Hundreds of thousands of civilians continue to suffer the effects of armed conflict and restricted access to humanitarian aid across Darfur and south Sudan.
In 2010 The conflict in Darfur escalated with attacks on villages resulting in thousands of newly displaced people.
Women living in and around camps for the internally displaced are at serious risk of sexual violence, which remains rife. Abductions and attacks on humanitarian convoys increased in 2010, while human rights violations continued to be committed with impunity.
Perceived critics of the government are arrested, tortured and prosecuted for exercising their rights to freedom of expression, association and assembly.
South Sudan became an independent state in July 2011, following following an overwhelming vote for separation in a January referendum.
Horror unfolding in Southern Kordofan
The Sudan Armed Forces are indiscriminately bombing civilian areas in the Nuba Mountains region of Southern Kordofan, and preventing aid from reaching desperate displaced people.
In a joint research trip with Human Rights Watch, researchers investigated 13 air strikes. Together these strikes killed at least 26 civilians and injured
more than 45 others. The relentless bombing campaign is killing and maiming civilians, displacing tens of thousands,and putting them in
desperate need of aid. The international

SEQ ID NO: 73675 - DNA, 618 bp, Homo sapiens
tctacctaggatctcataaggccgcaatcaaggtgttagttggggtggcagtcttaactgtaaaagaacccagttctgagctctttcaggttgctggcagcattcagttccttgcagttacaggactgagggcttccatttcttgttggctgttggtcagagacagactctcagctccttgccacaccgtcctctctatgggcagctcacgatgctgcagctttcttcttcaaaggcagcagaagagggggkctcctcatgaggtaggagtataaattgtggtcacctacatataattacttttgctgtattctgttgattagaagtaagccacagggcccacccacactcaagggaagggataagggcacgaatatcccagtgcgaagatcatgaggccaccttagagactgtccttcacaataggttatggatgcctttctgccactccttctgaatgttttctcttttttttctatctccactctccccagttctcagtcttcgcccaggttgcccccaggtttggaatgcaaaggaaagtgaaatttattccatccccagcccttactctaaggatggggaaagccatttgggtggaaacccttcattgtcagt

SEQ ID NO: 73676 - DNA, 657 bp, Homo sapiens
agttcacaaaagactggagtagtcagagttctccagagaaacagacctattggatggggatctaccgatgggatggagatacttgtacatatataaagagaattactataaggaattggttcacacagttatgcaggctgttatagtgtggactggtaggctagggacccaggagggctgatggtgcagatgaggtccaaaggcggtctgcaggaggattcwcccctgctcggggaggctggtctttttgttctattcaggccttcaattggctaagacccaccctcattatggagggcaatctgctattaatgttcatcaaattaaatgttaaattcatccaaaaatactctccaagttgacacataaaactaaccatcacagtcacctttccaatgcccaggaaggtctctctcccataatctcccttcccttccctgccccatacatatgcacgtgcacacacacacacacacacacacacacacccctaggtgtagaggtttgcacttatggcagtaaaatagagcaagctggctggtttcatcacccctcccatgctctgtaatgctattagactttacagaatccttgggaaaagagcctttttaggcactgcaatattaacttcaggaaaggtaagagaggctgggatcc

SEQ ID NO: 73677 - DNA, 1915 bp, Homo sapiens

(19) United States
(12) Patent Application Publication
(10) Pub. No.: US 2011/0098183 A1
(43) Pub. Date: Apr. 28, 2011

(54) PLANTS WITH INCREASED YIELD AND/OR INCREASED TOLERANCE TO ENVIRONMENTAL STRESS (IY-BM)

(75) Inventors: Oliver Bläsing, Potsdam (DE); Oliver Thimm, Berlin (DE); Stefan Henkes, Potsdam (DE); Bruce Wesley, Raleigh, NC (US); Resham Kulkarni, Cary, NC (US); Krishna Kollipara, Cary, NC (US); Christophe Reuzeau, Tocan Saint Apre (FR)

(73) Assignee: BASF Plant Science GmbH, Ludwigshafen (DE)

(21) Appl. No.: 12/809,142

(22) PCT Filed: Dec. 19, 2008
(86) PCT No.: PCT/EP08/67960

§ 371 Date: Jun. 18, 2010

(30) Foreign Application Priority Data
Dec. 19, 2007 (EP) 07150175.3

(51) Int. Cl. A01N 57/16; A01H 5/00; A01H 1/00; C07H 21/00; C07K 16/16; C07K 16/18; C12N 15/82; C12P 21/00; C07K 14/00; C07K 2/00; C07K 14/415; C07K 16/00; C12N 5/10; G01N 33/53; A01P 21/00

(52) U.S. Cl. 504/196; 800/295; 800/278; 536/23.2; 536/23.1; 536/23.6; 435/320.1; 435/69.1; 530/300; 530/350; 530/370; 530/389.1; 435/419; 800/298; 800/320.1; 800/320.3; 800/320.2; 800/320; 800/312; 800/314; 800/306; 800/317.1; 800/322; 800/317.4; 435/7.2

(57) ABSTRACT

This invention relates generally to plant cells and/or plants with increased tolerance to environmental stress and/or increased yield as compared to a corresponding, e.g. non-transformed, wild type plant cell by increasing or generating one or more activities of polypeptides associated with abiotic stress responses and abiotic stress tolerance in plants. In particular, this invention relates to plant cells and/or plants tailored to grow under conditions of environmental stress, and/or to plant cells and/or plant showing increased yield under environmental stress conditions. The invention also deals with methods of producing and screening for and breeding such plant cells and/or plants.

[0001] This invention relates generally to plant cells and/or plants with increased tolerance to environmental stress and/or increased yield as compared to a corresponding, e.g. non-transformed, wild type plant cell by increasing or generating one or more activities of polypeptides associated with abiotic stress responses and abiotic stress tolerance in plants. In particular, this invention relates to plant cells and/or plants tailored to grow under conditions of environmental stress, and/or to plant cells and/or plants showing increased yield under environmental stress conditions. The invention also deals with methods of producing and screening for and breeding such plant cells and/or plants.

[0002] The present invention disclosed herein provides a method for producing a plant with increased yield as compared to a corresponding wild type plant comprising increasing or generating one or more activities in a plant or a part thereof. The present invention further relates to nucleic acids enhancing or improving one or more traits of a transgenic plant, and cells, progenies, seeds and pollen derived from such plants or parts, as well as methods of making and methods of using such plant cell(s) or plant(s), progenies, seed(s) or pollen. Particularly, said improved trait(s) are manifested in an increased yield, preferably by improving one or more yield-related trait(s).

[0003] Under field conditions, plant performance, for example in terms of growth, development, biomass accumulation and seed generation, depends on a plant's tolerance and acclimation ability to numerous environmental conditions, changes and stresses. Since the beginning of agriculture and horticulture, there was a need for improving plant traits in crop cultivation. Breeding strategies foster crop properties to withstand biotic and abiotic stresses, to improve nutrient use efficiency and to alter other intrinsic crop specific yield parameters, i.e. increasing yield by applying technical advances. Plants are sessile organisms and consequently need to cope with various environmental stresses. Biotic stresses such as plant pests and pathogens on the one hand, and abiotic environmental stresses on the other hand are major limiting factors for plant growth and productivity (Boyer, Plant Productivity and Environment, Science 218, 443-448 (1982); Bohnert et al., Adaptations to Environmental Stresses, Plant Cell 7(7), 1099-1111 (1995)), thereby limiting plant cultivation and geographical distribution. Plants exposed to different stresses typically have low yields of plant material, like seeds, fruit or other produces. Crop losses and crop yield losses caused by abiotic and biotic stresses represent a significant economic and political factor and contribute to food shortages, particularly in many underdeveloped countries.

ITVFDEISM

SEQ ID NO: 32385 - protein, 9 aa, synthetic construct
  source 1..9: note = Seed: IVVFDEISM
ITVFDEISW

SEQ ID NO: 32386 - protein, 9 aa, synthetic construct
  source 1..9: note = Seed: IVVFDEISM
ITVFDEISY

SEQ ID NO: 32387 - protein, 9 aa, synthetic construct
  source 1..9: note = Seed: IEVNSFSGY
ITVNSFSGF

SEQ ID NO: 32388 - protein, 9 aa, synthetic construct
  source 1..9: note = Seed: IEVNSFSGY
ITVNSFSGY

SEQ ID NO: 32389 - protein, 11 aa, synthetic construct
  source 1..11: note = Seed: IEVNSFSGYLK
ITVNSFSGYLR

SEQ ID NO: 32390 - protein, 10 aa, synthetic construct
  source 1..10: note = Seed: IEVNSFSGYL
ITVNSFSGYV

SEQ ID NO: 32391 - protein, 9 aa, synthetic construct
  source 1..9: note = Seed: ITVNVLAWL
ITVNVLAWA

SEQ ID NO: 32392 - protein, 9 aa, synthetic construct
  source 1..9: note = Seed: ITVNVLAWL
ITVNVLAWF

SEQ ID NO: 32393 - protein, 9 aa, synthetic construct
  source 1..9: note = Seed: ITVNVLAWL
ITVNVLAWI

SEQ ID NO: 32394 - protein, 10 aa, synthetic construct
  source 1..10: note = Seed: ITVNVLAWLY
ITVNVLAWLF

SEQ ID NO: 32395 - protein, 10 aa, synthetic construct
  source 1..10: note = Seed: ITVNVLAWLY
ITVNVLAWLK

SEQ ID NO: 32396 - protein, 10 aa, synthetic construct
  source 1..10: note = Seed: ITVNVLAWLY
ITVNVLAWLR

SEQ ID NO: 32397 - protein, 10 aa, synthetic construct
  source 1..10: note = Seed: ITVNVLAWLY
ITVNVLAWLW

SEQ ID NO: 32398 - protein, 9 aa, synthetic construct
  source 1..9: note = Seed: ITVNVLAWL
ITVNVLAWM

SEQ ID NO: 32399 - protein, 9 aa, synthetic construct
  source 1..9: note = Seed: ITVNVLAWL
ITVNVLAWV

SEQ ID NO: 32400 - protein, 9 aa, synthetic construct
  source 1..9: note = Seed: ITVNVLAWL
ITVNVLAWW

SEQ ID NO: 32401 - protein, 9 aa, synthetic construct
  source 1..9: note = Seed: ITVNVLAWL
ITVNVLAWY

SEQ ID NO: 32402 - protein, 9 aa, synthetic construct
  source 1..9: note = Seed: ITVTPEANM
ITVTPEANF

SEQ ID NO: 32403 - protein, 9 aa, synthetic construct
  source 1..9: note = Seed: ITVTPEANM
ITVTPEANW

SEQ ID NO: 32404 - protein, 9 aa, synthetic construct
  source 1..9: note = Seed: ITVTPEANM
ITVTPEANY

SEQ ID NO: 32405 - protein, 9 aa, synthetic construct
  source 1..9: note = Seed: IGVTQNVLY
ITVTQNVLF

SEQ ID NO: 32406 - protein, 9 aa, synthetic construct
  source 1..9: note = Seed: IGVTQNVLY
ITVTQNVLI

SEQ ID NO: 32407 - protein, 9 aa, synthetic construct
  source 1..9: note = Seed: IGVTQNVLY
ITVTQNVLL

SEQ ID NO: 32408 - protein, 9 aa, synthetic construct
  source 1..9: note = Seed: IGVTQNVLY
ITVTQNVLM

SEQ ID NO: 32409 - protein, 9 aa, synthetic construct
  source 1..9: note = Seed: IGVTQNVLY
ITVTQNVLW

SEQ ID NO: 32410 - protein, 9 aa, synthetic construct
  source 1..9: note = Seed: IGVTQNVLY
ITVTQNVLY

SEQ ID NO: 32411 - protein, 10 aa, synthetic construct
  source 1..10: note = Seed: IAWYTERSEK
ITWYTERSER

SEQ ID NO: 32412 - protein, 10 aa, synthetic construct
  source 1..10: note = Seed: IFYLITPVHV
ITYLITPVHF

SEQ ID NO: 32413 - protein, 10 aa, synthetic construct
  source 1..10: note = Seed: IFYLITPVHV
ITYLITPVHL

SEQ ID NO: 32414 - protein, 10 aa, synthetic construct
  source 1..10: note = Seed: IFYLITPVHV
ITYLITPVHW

community must stop looking
the other way and act to address the situation. Find out more
Unregulated arms sales fuel conflict in South Sudan
A ready flow of military weapons from China, Sudan and Ukraine has triggered indiscriminate attacks by both the South Sudanese Armed Forces and armed opposition groups during 2010 and 2011 in Mayom County, South Sudan's Unity State. Find out more and read our report
South Sudan became an independent state on Saturday 9 July 2011, following an overwhelming vote for separation in a January referendum. Read our Human Rights Agenda for the young country (pdf)
The conflict in Darfur
The Janajawid militia in Darfur, western Sudan, have killed and wounded hundreds of civilians. Angry at what they perceived to be a lack in government protection against these attacks, as well as the marginalisation and underdevelopment of the region, the Sudan Liberation Army (SLA) and the Justice and Equality Movement (JEM) took up arms in February 2003.
Since then over 50,000 people are believed to have lost their lives; more than 2 million people have fled their home; and over 200,000 have crossed the border into Chad.
- Death sentences rise to 82 29 April 2009
- African organisations call on Sudan to re-admit aid agencies 8 April 2009
- Displaced in Darfur: A generation of anger (report) 1 January 2008